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Germany recorded more than 1,000 daily new coronavirus cases for the first time in three months.
There were 1,045 new infections in Germany on Thursday, according to the Robert Koch Institute.
One in five new cases in Germany are believed to originate from abroad.
Merkel's government is making tests compulsory from all arrivals from "risk zone" countries and regions.
They include the US, Turkey, and parts of Spain and France. Those who refuse will be fined up to $29,500.
Germany will test all arrivals from "risk zone" countries like the US in an attempt to quell a second wave of the coronavirus that scientists say is already underway.
Health minister Jens Spahn on Thursday said that Germany would make testing compulsory for all arrivals from "risky" countries. These include the US, Turkey, and most countries outside of the European Union, as well as regions within the EU that are witnessing a spike in COVID-19 cases, like Luxembourg and parts of France and Spain.
German authorities will set up testing facilities at airports and where roads and railways cross the country's borders. Those who do not take a test will be fined up to €25,000 ($29,500), Spahn warned yesterday.
Germany like other countries of Europe is witnessing a steady but consistent rise in new coronavirus cases.
On Thursday it recorded over 1,000 daily new cases of the COVID-19 virus for the first time since May 7.
There were 1,045 new infections yesterday, according to the Robert Koch Institute, which this week said the upward trend in the recent COVID-19 case numbers was "very concerning."This number is up significantly since mid-July, when Germany was recording daily new cases fewer than 400.
The institute estimates that one in five of Germany's coronavirus cases originates from abroad, compared to just one in 250 cases three months ago, The Times of London newspaper reports.
Marburger Bund, the trade union for doctors and medical students in Germany, this week warned that the country was showing signs of a second wave of the coronavirus after effectively suppressing the virus earlier in the summer.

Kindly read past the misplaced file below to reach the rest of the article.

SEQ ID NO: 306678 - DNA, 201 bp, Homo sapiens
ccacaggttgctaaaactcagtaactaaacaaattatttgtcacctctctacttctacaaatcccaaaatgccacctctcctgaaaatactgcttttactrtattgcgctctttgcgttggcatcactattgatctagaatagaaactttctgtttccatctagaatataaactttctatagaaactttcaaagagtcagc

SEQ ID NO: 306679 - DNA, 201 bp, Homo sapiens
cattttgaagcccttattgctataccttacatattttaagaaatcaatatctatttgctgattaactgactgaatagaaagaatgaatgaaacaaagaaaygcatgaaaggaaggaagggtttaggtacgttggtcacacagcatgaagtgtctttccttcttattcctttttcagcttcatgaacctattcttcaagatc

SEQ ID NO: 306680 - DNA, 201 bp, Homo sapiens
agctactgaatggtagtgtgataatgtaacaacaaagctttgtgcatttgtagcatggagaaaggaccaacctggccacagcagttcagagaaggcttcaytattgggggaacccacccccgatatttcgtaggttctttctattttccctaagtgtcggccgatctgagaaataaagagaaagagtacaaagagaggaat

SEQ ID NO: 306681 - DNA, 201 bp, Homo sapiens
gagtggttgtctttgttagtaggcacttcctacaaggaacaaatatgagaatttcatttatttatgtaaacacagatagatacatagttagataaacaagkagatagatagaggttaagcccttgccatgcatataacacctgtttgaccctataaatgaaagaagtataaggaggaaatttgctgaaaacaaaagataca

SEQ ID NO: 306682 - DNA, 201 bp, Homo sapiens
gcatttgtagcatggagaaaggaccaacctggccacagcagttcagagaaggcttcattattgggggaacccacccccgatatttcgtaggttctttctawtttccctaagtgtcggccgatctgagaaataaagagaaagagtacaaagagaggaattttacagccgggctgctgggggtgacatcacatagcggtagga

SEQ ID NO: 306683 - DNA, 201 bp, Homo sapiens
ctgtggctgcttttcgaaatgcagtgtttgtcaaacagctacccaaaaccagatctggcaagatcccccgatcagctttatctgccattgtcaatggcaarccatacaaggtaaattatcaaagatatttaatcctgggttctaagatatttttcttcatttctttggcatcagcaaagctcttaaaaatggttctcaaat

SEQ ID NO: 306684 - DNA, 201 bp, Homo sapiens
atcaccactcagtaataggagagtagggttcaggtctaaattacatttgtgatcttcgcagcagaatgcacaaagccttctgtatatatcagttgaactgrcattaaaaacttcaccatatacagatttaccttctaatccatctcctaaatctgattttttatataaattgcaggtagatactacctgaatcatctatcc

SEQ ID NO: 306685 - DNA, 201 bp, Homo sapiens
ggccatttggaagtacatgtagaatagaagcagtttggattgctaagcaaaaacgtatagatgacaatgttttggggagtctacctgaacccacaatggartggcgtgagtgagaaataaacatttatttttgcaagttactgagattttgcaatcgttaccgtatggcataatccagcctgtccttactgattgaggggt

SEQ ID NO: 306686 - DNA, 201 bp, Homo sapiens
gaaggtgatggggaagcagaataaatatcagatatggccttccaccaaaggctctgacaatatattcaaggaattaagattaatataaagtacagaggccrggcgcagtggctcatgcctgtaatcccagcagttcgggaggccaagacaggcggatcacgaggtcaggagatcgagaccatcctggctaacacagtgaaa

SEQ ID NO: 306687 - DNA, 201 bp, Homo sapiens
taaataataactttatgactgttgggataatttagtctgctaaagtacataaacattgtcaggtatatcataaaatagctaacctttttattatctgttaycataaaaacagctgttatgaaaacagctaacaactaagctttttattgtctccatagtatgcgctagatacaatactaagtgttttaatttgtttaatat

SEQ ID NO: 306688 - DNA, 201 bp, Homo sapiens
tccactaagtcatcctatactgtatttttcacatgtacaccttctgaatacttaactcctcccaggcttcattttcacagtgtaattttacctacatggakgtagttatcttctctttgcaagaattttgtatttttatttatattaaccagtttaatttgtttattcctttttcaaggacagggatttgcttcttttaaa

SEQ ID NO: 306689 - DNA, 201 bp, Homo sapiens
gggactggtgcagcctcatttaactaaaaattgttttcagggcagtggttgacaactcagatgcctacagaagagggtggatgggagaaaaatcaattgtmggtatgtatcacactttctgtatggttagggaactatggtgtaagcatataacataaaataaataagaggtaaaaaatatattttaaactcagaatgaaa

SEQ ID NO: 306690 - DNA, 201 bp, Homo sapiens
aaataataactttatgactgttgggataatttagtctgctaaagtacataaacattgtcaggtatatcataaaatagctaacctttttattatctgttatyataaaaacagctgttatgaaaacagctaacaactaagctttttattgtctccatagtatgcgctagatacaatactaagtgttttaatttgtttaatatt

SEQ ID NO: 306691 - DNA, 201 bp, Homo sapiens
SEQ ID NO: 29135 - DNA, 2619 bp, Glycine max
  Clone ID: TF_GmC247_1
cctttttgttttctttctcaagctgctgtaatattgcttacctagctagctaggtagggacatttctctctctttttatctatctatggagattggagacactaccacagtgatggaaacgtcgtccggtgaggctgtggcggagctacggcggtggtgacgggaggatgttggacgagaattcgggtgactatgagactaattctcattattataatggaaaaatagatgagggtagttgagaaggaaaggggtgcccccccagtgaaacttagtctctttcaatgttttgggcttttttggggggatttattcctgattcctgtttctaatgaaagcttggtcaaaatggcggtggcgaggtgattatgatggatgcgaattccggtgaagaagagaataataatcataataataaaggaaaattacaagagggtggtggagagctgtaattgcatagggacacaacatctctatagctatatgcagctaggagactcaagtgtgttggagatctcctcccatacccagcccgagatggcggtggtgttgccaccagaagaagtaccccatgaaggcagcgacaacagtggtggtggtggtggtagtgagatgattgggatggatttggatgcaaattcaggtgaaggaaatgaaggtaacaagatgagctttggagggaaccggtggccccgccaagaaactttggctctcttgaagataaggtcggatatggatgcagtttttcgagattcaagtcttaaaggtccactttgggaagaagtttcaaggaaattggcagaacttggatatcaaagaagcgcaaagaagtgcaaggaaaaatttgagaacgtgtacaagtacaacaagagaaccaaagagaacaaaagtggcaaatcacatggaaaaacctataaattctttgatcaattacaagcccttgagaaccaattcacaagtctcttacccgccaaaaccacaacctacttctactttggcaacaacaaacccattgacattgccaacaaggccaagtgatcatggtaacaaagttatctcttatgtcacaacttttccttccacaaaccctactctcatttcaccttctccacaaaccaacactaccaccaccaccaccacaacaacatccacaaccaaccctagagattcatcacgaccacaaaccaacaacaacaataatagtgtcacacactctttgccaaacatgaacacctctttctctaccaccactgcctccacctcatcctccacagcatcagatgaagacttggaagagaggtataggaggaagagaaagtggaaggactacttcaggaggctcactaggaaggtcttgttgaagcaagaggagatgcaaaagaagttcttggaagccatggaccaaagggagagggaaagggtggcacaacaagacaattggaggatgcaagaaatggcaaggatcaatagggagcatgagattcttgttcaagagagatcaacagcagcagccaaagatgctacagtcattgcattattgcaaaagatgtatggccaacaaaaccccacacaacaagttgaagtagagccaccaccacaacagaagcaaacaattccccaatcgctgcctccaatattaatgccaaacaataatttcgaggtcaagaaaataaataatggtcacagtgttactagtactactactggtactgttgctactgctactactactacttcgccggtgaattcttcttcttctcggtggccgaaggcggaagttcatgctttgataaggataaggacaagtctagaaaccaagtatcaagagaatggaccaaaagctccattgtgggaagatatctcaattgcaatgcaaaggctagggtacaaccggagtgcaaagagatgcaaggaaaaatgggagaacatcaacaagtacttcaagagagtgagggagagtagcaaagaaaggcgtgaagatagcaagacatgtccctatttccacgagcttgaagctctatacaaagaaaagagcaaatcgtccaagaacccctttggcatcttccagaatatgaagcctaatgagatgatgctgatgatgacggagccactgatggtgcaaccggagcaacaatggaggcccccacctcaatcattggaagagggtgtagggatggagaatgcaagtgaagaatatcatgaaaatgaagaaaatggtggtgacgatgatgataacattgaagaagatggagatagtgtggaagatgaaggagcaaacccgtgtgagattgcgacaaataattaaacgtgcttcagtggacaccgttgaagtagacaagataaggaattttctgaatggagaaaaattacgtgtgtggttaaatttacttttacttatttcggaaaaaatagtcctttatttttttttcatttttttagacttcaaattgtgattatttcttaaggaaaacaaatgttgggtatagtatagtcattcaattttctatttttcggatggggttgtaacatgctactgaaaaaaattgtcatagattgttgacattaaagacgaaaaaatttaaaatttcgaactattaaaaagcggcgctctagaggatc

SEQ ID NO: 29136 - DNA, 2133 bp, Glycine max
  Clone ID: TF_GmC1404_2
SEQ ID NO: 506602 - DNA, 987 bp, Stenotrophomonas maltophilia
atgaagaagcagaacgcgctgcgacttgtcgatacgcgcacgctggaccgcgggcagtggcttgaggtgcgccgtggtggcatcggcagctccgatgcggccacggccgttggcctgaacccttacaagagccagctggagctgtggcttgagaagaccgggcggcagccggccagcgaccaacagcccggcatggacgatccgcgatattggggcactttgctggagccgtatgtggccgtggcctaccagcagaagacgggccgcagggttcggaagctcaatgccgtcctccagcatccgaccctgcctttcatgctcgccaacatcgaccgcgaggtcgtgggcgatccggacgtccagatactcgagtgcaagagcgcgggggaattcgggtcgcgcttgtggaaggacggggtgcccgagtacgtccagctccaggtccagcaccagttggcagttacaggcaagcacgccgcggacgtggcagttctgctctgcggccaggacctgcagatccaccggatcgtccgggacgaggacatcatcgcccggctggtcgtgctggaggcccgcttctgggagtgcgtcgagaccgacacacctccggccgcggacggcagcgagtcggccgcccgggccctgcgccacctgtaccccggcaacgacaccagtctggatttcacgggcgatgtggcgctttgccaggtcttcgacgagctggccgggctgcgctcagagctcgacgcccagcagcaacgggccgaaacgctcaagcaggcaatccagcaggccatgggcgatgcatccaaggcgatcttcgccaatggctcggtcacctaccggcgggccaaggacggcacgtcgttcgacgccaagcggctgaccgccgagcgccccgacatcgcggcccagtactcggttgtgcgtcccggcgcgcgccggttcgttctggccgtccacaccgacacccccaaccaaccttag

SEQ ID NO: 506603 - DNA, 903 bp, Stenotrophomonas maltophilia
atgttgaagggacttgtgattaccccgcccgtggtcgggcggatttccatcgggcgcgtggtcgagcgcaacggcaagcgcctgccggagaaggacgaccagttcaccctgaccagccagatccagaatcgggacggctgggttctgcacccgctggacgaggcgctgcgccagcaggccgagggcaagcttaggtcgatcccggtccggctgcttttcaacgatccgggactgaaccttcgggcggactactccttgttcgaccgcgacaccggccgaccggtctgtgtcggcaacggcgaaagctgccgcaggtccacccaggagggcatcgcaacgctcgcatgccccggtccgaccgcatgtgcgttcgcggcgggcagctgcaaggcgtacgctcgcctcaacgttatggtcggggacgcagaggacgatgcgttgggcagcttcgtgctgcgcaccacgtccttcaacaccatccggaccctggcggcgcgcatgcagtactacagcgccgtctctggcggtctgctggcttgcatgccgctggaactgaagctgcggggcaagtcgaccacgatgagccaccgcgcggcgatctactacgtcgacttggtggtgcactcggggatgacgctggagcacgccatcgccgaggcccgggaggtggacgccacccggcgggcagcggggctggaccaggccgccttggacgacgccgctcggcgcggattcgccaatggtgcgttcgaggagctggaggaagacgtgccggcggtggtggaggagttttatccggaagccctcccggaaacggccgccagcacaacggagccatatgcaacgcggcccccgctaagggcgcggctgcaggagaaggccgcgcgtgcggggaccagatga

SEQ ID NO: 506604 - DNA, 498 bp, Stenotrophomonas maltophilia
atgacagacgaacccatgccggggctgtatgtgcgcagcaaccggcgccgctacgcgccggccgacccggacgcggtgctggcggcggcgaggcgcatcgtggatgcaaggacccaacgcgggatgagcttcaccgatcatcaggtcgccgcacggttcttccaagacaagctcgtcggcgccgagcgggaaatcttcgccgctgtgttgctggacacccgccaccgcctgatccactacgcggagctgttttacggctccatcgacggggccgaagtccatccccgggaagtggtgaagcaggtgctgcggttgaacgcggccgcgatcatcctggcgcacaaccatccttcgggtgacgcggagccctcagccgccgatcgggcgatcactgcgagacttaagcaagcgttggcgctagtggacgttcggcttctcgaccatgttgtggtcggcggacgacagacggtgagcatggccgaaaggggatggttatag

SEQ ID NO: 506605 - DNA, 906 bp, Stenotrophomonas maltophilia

President Susanne Johna told German media: "We are already in a second, shallow upswing."
Johna emphasised that the second wave was not as severe as the first in March and April, when Germany's health authorities recorded thousands of new cases every day.
However, she warned that the situation would escalate unless people continued to practise good hygiene, wear masks, and observe social distancing, amid warnings that the public was losing interest in adhering to the measures.
"There is a danger that we will lose the successes that we have achieved in Germany so far in a combination of repression and longing for normality," she said. "We all long for normality. But we are in a state that is not normal."
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Germany was praised for its early efforts in responding to the coronavirus pandemic. It had recorded 9,175 deaths as of Wednesday morning, a far lower figure than other European countries including France, Spain, Italy, and the UK.
However, the country is bracing itself for the number of cases to continue increasing over the next few weeks, amid concerns that warm weather predicted over the next few days will lead to large crowds of people.
The Times of London this week reported that German hospitals were bracing themselves a challenging autumn as the new cases of COVID-19 rise again, with some regions warning that non-urgent operations may have to be postponed.
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